Written by Andrea Martin, Media by Jack Wang.
Brittany Maynard, a 29-year-old woman diagnosed with brain cancer, died after advocating her right to end her life on her own terms. Earlier this year, Maynard was told she had six months to live after being diagnosed with glioblastoma, an aggressive and degenerative cancerous disease, which only gives a median survival rate of 14.6 months. Upon learning what the disease would do to her body in its final stages, Maynard made the decision to “die with dignity.”
“Goodbye to all my dear friends and family that I love,” she wrote in a Facebook post, according to People magazine. “Today is the day I have chosen to pass away with dignity in the face of my terminal illness… the world is a beautiful place, travel has been my greatest teacher, my close friends and folks are the greatest givers… goodbye world. Spread good energy. Pay it forward!” Maynard ended her own life after moving to Oregon with her husband where the Death With Dignity Act has allowed hundreds to end their own life by taking medication prescribed by doctors. Maynard chose Nov. 1 because it was after her husband’s birthday in late October.
Maynard’s decision has placed a light upon those who advocate the right for people to end their own life, and has been supported by the group Compassion and Choices. In a blog post for CNN, Maynard declared that she is “not suicidal…I do not want to die. But I am dying. And I want to die on my own terms.” Maynard refused to do treatments that were necessary to attack glioblastoma, and instead decided to travel to different parts of the country. She was able to cross off the last trip on her bucket list, which was to the Grand Canyon in Arizona. Long before becoming ill, Maynard was an active traveller who lived in Southwest Asia for a year, and climbed Mount Kilimanjaro.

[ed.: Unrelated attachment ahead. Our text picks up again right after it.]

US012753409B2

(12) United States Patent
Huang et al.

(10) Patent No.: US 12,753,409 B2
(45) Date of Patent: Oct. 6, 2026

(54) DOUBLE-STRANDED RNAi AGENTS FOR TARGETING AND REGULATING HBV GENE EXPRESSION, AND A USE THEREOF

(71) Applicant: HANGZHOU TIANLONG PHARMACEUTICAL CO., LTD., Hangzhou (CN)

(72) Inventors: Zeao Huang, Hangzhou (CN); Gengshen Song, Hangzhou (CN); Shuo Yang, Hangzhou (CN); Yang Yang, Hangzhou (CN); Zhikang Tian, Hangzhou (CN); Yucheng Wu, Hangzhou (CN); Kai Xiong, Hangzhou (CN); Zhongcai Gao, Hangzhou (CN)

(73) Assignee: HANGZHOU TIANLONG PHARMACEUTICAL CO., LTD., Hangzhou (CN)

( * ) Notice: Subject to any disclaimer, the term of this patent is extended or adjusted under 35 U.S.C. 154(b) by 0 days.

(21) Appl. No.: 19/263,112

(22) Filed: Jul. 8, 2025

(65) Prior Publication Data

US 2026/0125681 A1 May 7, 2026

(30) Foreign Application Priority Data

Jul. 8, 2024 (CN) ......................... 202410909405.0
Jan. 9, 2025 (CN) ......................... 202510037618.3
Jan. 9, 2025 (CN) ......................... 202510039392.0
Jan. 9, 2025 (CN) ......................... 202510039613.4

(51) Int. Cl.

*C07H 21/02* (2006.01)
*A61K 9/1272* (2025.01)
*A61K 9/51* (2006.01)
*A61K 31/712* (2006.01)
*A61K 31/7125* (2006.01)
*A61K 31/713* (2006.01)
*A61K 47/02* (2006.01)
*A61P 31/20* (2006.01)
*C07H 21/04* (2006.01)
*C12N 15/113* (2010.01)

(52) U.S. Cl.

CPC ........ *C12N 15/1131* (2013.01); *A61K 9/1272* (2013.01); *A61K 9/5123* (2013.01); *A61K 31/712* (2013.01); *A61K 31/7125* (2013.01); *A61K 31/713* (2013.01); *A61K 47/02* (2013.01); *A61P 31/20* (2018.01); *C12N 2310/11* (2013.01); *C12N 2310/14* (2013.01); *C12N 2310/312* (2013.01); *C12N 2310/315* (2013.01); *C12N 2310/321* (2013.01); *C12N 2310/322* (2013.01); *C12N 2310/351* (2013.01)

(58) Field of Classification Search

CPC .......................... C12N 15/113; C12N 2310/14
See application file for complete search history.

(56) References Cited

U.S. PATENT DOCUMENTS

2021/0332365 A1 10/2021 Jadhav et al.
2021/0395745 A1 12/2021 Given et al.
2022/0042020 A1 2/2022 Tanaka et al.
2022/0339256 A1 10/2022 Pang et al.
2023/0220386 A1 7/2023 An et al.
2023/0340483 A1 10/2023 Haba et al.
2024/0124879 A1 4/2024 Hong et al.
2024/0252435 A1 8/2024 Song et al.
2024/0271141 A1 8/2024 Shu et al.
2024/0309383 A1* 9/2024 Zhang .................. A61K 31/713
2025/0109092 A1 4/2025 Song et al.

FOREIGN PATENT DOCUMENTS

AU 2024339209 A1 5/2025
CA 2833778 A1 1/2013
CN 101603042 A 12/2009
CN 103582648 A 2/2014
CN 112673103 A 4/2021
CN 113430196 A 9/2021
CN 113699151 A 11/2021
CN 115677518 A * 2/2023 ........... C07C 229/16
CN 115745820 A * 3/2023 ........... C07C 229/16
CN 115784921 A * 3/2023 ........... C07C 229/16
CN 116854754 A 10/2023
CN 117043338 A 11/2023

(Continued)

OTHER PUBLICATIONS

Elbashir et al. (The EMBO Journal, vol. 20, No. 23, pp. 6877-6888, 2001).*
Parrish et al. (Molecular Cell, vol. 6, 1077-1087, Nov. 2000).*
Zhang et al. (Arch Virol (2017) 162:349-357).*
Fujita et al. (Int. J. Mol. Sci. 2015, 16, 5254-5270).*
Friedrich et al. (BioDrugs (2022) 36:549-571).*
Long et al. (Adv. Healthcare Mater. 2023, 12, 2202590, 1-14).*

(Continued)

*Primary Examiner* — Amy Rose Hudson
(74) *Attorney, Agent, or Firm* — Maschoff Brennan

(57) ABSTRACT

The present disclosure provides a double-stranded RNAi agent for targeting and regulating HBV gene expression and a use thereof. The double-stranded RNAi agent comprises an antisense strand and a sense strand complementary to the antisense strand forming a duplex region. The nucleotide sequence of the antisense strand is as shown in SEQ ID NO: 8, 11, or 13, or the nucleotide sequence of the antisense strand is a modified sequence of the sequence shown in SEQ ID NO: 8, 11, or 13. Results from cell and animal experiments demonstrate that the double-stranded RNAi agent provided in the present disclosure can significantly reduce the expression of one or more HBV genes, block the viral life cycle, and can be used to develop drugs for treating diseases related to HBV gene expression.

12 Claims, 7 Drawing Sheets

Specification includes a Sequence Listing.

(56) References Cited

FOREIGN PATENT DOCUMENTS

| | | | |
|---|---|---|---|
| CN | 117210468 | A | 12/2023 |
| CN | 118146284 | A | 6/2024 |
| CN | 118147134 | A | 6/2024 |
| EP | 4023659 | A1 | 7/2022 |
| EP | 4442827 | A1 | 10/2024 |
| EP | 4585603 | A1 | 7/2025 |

With this high profiled decision, Maynard’s death opens the floodgates on the debate regarding assisted suicide. What makes this case different regards Maynard’s age and her life: a newlywed who had everything going for her, but was faced with the terrible fate that her life would eventually come to be. In many other cases, middle-aged or older-aged people are facing the same dilemma, but Maynard has been able to generate talk regarding assisted suicide for the younger generations. There has been some opposition, especially within the medical field. Some doctors claim that assisted suicide does nothing to fix problem of death within the U.S. or wage a battle against terminal illnesses, and that the standards a doctor must live up to is to safely guide them to recovery, and not encourage the possibility of assisted suicide. Maynard is survived by her husband, Daniel Diaz, her mother, Deborah Ziegler, and her step-father Gary Holmes.